In July 2014 the Supreme Court of England and Wales handed down a judgment in FHR European Ventures LLP and others v Cedar Capital Partners LLC concerning the enforcement rights which are available in English Courts to the principals of fiduciary agents where the latter have received secret commissions or bribes.
The issue in the case was whether the bribe or secret commission paid to the agent is the property of that agent’s principals, or whether it gives rise to a personal action against the agent in the amount of the bribe or secret commission. The distinction is highly important because the existence of property rights in the bribe or secret commission opens up the availability of powerful tracing and following remedies in English law, including potential rights against third parties to which the money has been paid and, also, potential rights in assets which have been purchased with the illicitly obtained funds.
In December 2004 the Claimants in the action purchased a long leasehold interest in the Monte Carlo Grand Hotel through their joint venture vehicle, FHR European Ventures LLP. Cedar Capital Partners LLP acted as the Claimants’ agent in negotiating the purchase. However, Cedar Capital Partners also entered into a brokerage agreement with the vendor, which provided that it would be paid a €10 million fee by the vendor on conclusion of a sale.
At first instance, it was held that Cedar Capital Partners had not provided proper disclosure of the agreement that it had reached with the vendor. The Court noted that Cedar Capital Partners had mentioned to one of the Claimants that a fee would be paid but without specifying any amount, but the other Claimants had not been told that any fee was payable at all. The first instance Judge held that Cedar Capital Partners had breached its fiduciary duties to the Claimants in not properly disclosing the fee arrangement with the vendor and ordered Cedar Capital Partners to pay such sum to the Claimants. However, the Judge refused to grant a proprietary remedy in respect of the money.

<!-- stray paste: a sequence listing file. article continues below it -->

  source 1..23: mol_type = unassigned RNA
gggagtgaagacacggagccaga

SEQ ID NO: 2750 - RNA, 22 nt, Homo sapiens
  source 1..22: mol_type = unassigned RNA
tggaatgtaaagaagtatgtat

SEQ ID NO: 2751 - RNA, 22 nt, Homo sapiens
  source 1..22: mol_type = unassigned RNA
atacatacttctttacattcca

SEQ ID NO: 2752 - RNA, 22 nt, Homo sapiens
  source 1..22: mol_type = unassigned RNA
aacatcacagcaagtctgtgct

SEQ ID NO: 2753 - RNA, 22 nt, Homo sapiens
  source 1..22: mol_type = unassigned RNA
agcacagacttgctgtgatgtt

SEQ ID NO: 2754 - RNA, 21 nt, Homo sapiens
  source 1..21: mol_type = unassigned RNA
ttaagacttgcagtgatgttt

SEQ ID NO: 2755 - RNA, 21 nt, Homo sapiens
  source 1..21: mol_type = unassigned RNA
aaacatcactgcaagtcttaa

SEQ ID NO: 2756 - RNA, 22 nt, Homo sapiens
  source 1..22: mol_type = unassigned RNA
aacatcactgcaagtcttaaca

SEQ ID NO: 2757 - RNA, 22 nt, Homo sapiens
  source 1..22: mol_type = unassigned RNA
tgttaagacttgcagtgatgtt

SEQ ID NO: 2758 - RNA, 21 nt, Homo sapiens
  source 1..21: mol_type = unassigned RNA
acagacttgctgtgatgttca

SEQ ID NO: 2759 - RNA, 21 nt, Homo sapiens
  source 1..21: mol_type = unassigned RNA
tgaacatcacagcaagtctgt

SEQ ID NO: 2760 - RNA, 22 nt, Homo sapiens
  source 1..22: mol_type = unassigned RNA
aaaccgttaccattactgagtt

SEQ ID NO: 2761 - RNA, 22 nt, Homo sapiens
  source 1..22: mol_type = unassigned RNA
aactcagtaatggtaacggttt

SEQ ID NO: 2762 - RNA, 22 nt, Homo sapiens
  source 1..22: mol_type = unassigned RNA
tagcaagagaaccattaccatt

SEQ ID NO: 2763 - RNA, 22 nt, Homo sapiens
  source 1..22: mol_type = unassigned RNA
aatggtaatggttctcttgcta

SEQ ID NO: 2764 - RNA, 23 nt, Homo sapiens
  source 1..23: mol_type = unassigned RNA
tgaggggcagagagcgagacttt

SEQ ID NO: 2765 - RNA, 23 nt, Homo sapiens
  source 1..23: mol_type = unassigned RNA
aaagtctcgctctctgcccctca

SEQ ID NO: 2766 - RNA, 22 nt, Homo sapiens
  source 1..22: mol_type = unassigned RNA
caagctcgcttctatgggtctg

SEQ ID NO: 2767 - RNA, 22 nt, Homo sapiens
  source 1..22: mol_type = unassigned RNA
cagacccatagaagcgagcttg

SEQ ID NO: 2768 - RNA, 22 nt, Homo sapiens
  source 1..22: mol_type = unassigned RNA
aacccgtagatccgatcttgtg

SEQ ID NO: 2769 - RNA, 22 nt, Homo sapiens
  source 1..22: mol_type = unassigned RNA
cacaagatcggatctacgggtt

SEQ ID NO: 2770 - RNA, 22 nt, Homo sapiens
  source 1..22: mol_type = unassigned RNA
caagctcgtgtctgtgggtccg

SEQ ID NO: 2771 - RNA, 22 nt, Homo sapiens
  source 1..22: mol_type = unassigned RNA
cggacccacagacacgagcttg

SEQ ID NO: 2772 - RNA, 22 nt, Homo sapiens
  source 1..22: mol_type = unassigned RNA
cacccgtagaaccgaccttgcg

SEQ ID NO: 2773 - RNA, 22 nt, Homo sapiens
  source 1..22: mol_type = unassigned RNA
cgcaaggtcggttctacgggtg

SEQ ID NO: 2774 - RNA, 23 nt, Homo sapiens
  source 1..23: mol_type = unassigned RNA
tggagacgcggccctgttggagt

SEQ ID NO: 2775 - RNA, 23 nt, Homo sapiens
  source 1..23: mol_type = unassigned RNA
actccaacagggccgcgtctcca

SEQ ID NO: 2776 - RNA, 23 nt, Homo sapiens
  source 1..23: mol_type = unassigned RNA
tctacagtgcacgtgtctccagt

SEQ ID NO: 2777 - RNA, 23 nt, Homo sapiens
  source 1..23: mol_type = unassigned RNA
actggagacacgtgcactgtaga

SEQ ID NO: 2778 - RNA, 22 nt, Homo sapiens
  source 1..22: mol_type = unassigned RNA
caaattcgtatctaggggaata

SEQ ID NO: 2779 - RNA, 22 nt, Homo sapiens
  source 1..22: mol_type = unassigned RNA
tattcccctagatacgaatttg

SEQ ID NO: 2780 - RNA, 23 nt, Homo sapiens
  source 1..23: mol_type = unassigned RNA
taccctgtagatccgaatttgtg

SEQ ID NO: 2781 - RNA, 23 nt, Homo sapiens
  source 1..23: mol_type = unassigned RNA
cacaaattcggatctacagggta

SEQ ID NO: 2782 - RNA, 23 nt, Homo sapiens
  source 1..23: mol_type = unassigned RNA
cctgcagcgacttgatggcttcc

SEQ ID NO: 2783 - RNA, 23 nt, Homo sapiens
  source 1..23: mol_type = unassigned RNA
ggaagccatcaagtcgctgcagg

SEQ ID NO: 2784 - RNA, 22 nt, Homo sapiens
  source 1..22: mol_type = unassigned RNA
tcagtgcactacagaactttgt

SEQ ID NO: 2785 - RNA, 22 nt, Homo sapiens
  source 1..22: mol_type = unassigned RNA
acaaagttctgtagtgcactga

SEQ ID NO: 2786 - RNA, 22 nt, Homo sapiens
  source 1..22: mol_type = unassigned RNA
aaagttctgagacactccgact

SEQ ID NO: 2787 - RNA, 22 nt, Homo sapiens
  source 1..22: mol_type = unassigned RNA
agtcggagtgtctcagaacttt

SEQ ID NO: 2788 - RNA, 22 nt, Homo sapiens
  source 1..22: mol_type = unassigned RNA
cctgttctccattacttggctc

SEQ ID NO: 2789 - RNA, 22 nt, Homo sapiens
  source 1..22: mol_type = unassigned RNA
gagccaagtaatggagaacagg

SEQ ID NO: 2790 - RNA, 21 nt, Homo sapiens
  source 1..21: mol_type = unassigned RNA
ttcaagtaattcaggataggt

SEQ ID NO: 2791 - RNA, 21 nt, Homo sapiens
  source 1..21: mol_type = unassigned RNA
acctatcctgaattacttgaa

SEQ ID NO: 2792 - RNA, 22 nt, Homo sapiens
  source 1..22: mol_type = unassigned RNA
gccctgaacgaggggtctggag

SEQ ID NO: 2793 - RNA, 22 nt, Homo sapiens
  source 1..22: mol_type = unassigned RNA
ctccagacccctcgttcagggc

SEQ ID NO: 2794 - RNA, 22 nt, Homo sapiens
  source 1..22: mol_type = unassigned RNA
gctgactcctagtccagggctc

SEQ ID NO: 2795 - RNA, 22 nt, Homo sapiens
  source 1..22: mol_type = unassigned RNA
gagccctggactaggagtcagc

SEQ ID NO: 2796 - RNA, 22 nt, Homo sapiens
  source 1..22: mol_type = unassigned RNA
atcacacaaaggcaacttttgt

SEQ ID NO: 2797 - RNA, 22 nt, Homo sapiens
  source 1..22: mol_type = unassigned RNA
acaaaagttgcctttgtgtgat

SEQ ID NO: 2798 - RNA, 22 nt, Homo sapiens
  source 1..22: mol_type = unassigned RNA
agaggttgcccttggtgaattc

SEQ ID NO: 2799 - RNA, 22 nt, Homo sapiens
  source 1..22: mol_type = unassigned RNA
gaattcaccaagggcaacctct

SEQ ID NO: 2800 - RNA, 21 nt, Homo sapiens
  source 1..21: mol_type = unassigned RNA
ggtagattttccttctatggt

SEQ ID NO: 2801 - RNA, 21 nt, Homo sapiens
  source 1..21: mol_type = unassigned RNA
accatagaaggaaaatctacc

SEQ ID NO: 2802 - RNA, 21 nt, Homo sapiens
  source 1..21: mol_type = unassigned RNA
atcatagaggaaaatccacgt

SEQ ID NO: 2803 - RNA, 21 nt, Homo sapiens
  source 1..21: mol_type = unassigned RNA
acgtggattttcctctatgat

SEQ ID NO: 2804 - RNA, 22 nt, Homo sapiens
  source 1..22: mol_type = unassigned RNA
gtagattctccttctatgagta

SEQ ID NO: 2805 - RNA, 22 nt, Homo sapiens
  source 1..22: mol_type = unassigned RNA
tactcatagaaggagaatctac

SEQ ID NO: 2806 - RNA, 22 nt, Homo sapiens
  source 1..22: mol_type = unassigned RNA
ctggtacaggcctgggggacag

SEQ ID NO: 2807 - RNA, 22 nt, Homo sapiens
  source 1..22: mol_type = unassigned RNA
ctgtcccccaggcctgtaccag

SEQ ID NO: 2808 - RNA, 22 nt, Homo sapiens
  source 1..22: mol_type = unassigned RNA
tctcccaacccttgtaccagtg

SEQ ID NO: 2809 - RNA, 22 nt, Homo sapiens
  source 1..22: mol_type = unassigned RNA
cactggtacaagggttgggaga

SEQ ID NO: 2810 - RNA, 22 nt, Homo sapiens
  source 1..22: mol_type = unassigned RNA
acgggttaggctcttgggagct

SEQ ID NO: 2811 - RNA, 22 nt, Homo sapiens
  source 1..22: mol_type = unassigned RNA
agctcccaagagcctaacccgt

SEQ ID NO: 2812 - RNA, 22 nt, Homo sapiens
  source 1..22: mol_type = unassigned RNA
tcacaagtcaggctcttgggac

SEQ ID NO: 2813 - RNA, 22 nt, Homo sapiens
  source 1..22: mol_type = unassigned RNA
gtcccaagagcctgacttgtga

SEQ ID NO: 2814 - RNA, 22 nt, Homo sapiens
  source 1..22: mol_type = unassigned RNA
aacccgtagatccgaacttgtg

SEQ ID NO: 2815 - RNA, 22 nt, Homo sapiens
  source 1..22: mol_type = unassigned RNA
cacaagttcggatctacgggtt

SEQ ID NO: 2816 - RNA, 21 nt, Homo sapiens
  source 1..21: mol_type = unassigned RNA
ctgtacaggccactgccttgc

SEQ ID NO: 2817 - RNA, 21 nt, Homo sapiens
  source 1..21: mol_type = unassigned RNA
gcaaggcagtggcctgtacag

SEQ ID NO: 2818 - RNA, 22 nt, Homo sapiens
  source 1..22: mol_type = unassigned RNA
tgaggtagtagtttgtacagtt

The Claimants appealed to the Court of Appeal seeking an order that Cedar Capital Partners had received €10 million as constructive trustees for the Claimants. They did so because this would mean the Claimants had proprietary rights in that money, which would open up the powerful English law following and tracing remedies. The Court of Appeal upheld this appeal.
Cedar Capital Partners subsequently appealed to the Supreme Court challenging this decision.
In its judgment the Supreme Court commented on the complexity of the law on this issue. However, the Court drew heavily on several fundamental submissions including:
- an agent’s fundamental duty of loyalty to its principals, such that those principals should be beneficially entitled to any unauthorised benefits accrued by the agent.
- there being no clear reasons why an agent who has accepted a bribe or secret commission should face less effective remedies than it would in a case of some other type of unauthorised benefit.
- a single rule which did not distinguish between types of unauthorised benefit would bring clarity and simplicity and avoid disputes about which side of the line a particular type of unauthorised benefit fell.
- as a matter of public policy, the law should discourage bribery and similar behaviour.
The Supreme Court held that its prior decision in Tyrell v. Bank of London (1862) was wrongly decided and that the line of authorities in the Court of Appeal beginning with Metropolitan Bank v. Heiron (1880) and Lister & Co. v. Stubbs (1890) and culminating in Sinclair Investments Ltd v. Versailles Trade Finance Limited (2012) were all to be overruled.
Accordingly, under English law all unauthorised benefits earned by an agent are therefore the subject of a constructive trust held to the benefit of the principal.
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Note: This is a general briefing and not an exhaustive treatment of the subject.